Copernicus strives for a strict, but fair and transparent peer-review. The publications offered are immediately publicly posted (and always remain accessible); the reports can be anonymous, but are always public; finally, anyone can respond to the generally constructive criticism. The first version of the publication also has a Digital Object Identifier (DOI), and comments are immediately publicly available to everyone. Based on the comments a decision is made whether the article will be finally published (possibly after modifications), always including the referee reports and discussions. Open or public peer review is therefore not only transparent for author and reader, but it also gives credit to the referees for their contribution to the scientific process.

Recently ELife announced the same sort of review process and at the same time launched the term Reviewed Preprint, a public journal-style paper containing the authors’ manuscript, the journals’ assessment, and the peer reviews. The author has the power to decide whether a Reviewed Preprint becomes a final published version or remains a Reviewed Preprint that can be updated in the future.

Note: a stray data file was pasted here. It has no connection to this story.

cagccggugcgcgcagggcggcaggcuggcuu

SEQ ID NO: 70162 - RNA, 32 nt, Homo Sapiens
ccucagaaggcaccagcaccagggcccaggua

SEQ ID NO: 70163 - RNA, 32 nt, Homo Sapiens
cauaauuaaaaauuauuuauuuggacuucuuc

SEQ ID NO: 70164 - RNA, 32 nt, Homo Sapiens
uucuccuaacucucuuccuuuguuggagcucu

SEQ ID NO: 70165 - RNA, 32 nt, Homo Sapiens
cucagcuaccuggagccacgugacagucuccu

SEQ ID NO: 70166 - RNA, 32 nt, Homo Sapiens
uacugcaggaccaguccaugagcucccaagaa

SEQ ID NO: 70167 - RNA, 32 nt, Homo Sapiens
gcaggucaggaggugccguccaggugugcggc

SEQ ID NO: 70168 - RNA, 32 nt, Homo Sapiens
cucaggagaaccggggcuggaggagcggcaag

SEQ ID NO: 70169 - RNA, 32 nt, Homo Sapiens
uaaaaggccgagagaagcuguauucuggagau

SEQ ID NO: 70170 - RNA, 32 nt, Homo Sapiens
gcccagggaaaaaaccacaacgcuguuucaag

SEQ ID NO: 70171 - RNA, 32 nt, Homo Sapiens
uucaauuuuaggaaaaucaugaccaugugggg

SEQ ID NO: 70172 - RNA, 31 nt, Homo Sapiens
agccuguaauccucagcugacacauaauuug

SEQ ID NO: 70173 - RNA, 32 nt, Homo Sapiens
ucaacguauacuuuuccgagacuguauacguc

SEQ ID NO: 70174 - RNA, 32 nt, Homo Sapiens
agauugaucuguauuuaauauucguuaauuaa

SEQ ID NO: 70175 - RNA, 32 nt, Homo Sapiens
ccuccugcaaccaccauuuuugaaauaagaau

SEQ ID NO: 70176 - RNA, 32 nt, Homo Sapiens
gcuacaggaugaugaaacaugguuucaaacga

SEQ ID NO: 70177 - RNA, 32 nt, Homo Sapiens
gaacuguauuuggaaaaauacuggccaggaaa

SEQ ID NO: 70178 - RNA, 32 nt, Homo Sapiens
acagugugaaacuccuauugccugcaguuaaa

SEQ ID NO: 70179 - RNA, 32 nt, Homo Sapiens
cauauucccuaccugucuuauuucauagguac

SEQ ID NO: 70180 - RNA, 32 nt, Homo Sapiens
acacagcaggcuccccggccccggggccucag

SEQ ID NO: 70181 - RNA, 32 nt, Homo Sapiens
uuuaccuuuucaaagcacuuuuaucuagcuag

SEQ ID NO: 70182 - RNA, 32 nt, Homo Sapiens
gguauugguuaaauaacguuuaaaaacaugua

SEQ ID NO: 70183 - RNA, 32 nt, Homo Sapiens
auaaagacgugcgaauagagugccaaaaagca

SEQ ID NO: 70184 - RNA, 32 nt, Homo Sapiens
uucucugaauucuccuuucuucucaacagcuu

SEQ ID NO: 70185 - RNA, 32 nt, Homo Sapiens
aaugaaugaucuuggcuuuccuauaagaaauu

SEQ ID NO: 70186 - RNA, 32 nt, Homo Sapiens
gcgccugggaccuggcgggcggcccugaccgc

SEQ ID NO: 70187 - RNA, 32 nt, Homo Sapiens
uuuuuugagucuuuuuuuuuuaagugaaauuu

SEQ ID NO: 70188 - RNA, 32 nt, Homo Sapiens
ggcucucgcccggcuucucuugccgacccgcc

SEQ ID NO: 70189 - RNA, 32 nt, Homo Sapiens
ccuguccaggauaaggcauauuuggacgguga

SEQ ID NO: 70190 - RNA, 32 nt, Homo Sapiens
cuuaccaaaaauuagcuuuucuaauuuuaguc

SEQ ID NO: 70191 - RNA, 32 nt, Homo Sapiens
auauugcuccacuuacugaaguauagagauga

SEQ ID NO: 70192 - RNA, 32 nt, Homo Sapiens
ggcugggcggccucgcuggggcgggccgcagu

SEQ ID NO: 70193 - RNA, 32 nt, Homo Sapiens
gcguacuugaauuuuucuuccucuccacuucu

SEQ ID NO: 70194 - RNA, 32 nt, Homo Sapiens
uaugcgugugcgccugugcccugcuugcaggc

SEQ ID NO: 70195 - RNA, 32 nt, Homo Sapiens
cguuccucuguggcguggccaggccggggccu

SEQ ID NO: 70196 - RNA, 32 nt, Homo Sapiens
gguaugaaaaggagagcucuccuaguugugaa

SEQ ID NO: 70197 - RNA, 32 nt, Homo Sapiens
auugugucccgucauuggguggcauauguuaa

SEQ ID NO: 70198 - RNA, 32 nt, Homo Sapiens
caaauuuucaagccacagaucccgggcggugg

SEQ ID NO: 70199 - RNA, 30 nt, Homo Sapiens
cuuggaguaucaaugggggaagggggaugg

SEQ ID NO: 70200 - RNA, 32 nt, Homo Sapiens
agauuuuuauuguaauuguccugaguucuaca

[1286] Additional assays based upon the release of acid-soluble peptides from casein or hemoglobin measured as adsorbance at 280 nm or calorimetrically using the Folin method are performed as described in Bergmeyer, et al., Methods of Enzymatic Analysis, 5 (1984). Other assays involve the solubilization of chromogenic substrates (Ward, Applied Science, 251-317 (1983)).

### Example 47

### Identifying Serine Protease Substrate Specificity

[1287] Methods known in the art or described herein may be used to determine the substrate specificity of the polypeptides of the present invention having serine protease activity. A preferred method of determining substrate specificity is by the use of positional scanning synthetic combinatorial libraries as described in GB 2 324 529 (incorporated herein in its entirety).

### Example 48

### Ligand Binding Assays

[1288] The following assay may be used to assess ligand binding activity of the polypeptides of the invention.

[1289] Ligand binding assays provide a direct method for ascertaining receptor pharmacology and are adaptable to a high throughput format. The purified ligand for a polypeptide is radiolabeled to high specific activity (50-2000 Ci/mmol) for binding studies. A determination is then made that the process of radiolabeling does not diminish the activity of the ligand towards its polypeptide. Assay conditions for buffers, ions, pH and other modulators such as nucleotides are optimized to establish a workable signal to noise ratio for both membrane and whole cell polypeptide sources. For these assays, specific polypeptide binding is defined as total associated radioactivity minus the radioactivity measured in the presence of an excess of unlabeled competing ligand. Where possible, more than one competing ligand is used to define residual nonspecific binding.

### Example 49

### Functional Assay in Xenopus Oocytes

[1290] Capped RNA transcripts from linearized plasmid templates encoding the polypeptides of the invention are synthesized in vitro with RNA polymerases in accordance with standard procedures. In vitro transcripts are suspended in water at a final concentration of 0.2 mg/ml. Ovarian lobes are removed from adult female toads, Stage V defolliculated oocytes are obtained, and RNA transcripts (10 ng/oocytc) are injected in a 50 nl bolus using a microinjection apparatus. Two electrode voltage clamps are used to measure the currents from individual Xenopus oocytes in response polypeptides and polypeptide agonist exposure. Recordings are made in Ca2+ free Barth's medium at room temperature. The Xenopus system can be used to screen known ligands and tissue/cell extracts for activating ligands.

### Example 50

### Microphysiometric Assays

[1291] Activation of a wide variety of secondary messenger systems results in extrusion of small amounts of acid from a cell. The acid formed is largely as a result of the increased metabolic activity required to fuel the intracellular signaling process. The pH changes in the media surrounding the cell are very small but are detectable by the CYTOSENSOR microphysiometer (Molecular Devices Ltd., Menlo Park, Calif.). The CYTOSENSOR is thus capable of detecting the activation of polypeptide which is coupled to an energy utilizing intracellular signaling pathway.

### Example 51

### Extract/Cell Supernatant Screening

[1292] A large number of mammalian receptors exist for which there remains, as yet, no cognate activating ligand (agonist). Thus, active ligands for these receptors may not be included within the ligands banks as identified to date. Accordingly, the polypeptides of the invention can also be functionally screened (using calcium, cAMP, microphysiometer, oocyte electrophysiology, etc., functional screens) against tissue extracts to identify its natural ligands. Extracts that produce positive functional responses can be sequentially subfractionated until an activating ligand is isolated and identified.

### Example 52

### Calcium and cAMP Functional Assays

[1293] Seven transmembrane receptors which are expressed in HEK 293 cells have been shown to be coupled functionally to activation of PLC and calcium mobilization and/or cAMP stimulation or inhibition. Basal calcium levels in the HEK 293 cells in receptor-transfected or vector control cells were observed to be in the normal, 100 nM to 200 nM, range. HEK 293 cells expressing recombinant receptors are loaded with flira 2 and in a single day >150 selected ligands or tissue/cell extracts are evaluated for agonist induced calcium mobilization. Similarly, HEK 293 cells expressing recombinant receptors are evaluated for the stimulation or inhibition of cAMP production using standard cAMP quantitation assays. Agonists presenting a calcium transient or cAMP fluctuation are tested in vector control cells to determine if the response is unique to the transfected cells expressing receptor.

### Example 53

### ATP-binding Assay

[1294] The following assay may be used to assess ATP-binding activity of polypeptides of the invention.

Scientific Publishing: Peer review without gatekeeping

Scientific Publishing: Peer review without gatekeeping

Peer review initiatives independent of a journal

In the examples above, the preprint, the referee reports and the journal are still strongly tied, but we also see an increasing number of platforms that are set up to review preprints independent of a journal.

Examples of these services are:

  • Peer Community In (PCI) (2016) “a free recommendation process of scientific preprints based on peer reviews”
  • Review Commons (2012) “empowers authors by providing them with a Refereed Preprint and facilitating its submission to affiliate journals”. No costs for authors.
  • (2012) “enables scientists to search for their publications or their peers publications and provide feedback and/or start a conversation anonymously.”
Peer Community IN

Peer Community In is a non-profit organization of researchers offering peer review, recommendation and publication of scientific articles in open access for free.